A robot made with a Venus flytrap can grab fragile objects

Scientists attached electrodes to the leaves of Venus flytraps to force them to snap shut

Venus flytrap grabbing a weight

A robotic grabber made with part of a Venus flytrap caught a moving 1-gram weight (shown) and a delicate, thin wire.

W. Li et al./Nature Electronics 2021

A new robotic grabber is ripped from the plant world. It’s made with a severed piece of a Venus flytrap. The novel device can grasp tiny, delicate objects.

The Venus flytrap (Dionaea muscipula) is a carnivorous plant. It preys on small animals, such as insects. Normally, the plant scores a meal when prey touches delicate hairs on one of the plant’s jawlike leaves. That triggers the trap to snap shut. But the researchers designed a method to force hair-trigger leaves to close.

They stuck electrodes to the leaves and applied a small electric voltage. The leaves still worked even when they’d been cut from the plant. They could still shut upon command for up to a day. Materials scientist Wenlong Li and colleagues work at Nanyang Technological University in Singapore. They described their new grabber January 25 in Nature Electronics.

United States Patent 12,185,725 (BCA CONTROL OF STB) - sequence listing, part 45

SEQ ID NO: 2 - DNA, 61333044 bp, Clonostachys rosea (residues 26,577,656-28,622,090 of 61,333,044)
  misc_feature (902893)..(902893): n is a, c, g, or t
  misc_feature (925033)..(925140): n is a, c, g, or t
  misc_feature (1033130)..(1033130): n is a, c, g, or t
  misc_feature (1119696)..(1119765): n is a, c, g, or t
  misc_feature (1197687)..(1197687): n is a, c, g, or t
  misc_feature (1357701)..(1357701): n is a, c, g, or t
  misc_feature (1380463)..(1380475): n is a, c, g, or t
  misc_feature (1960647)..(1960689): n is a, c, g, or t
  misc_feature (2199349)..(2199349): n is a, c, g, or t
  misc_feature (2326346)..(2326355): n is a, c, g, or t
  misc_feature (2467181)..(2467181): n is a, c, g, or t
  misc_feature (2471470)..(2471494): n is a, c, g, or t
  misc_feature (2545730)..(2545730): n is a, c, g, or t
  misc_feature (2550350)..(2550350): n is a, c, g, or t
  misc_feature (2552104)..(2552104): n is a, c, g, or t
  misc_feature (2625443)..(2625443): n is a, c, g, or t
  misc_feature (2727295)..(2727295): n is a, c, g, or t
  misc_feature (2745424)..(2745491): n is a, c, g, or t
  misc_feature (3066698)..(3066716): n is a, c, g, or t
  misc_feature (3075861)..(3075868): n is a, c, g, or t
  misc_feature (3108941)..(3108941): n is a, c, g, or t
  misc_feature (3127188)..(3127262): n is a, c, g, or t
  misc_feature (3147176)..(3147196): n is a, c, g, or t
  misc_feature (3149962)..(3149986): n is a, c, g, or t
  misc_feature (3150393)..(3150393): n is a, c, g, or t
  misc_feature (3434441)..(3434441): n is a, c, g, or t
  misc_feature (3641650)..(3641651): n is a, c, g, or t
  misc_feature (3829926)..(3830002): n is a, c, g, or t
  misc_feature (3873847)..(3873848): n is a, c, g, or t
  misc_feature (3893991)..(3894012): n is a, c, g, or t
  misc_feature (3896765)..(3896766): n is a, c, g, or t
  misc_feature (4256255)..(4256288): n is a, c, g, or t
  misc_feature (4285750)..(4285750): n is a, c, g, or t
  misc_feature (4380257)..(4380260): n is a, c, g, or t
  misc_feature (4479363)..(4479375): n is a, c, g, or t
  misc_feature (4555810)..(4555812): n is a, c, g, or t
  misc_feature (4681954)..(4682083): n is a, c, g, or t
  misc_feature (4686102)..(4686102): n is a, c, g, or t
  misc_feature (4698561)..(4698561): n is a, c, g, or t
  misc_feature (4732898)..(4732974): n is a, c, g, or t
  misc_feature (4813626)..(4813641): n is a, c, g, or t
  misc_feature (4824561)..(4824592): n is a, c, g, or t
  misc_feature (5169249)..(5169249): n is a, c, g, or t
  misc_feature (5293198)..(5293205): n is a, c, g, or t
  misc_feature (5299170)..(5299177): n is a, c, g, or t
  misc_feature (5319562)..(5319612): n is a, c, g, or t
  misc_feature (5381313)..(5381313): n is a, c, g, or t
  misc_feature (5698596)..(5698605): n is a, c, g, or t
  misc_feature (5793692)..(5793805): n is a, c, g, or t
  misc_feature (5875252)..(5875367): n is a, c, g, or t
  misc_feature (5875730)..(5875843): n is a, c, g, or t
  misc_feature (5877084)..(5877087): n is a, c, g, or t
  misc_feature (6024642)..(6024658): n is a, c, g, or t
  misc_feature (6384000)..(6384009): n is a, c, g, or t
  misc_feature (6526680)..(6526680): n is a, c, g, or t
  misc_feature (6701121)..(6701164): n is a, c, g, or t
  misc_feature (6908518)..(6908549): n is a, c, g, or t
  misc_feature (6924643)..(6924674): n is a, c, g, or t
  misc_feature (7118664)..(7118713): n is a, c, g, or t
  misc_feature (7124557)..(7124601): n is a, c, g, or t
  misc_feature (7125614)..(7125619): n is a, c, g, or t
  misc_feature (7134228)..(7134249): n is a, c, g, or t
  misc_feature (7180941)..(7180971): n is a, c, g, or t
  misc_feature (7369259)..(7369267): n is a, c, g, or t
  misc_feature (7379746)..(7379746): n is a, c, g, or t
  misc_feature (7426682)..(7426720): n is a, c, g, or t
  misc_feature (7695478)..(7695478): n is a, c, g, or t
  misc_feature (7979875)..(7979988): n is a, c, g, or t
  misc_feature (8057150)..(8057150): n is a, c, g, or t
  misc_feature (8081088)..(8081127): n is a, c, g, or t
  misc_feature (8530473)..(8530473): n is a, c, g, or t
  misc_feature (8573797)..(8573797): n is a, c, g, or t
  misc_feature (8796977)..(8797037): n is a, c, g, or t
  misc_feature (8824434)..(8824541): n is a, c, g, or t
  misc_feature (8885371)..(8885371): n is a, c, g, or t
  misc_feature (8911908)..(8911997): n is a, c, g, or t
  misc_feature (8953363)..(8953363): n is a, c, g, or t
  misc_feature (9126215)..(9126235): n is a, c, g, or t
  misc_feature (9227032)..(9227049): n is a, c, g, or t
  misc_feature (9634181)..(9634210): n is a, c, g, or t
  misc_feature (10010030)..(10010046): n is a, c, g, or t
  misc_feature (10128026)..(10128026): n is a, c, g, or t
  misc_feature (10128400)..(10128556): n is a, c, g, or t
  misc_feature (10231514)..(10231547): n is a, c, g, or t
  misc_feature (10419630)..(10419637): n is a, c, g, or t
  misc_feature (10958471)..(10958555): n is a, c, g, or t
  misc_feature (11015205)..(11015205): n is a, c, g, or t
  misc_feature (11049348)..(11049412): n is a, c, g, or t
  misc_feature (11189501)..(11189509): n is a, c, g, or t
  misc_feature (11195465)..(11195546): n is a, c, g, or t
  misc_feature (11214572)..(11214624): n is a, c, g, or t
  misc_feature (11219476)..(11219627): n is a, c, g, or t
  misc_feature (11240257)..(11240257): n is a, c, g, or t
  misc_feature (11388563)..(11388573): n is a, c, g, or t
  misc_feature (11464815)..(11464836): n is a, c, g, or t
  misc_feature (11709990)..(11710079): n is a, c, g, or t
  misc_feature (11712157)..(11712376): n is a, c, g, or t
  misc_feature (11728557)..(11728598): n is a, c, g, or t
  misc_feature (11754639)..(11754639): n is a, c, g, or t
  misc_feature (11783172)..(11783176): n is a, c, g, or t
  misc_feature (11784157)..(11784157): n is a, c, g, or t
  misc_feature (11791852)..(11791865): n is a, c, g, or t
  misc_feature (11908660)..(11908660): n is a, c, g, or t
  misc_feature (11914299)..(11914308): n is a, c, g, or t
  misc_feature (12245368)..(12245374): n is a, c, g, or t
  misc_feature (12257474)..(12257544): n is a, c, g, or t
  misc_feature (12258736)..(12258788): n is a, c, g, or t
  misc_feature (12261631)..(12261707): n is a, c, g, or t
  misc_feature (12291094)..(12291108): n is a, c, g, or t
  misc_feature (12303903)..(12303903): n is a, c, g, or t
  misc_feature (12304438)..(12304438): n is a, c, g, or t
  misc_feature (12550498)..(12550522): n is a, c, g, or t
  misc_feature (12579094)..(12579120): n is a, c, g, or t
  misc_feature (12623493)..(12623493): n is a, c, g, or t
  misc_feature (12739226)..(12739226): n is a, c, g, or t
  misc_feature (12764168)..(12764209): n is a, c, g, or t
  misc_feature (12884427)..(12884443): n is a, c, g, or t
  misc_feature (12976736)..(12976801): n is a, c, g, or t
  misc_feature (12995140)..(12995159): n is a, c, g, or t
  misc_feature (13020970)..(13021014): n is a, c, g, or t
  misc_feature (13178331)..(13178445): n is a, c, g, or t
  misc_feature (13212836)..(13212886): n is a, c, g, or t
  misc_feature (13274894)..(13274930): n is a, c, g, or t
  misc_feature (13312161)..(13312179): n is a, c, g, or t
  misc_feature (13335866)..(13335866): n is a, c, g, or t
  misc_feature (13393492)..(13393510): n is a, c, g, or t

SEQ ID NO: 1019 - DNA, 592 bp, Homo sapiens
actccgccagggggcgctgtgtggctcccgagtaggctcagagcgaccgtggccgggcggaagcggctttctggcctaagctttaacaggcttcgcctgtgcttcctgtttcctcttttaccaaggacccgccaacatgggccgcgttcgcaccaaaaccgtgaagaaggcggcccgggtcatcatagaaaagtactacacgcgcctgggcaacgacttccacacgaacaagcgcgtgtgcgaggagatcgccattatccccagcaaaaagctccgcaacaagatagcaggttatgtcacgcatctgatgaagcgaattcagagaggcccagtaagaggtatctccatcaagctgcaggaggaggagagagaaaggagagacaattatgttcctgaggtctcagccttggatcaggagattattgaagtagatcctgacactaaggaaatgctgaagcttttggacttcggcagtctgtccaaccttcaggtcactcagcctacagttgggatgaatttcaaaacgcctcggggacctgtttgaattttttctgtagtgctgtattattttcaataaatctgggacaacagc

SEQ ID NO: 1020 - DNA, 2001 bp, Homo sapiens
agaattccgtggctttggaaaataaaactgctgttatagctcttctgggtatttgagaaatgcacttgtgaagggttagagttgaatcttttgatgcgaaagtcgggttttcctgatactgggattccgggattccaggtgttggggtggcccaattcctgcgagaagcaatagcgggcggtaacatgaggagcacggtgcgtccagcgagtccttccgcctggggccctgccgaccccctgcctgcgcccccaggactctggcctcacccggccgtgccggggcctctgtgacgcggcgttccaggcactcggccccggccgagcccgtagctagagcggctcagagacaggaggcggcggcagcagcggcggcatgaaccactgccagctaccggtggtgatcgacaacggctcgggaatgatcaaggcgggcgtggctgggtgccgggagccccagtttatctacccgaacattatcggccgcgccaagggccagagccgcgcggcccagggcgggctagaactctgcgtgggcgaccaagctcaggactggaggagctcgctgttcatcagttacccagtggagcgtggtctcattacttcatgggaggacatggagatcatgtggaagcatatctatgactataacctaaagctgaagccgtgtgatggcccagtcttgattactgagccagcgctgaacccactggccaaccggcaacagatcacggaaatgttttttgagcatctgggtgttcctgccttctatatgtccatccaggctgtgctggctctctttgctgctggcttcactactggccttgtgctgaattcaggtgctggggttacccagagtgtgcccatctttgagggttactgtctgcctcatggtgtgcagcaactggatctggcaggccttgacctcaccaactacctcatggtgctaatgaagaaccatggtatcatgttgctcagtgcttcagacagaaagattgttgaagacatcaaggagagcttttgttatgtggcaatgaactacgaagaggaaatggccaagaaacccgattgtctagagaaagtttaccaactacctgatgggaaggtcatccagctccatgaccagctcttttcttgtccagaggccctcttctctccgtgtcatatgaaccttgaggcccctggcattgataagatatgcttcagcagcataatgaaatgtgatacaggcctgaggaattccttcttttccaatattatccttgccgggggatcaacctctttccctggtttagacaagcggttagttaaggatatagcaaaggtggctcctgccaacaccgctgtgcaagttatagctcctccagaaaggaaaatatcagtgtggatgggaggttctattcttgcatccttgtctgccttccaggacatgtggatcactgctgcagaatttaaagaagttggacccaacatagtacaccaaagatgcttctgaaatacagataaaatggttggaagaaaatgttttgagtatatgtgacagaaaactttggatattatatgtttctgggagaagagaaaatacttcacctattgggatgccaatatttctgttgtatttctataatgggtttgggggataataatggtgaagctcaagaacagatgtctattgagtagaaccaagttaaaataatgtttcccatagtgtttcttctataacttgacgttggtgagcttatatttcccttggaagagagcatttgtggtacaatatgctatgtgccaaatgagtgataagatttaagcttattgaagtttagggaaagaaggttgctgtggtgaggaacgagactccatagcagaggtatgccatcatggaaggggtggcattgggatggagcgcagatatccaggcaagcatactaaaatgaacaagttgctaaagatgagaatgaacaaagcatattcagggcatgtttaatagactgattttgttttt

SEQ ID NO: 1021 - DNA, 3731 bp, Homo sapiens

Scientists controlled a Venus flytrap with electrodes on its leaves. This video shows how researchers used a smartphone to direct it to grasp small objects like a wire and a moving weight.

To make a grabber they could control, Li’s team attached a piece of a flytrap to a robotic arm. They used it to pick up a piece of wire one-half of a millimeter (0.02 inch) in diameter. The flytrap also caught a slowly moving 1-gram (0.04 ounce) weight. The researchers even and used a smartphone app to control the trap.

Typical robot grabbers are stiff and clunky, so they could damage fragile objects. The Venus flytrap grabbers are soft. But there’s a drawback. After the traps close, they take hours to reopen. That means the bot had better make the catch on the first try.

Science News physics writer Emily Conover studied physics at the University of Chicago. She loves physics for its ability to reveal the secret rules about how stuff works, from tiny atoms to the vast cosmos.

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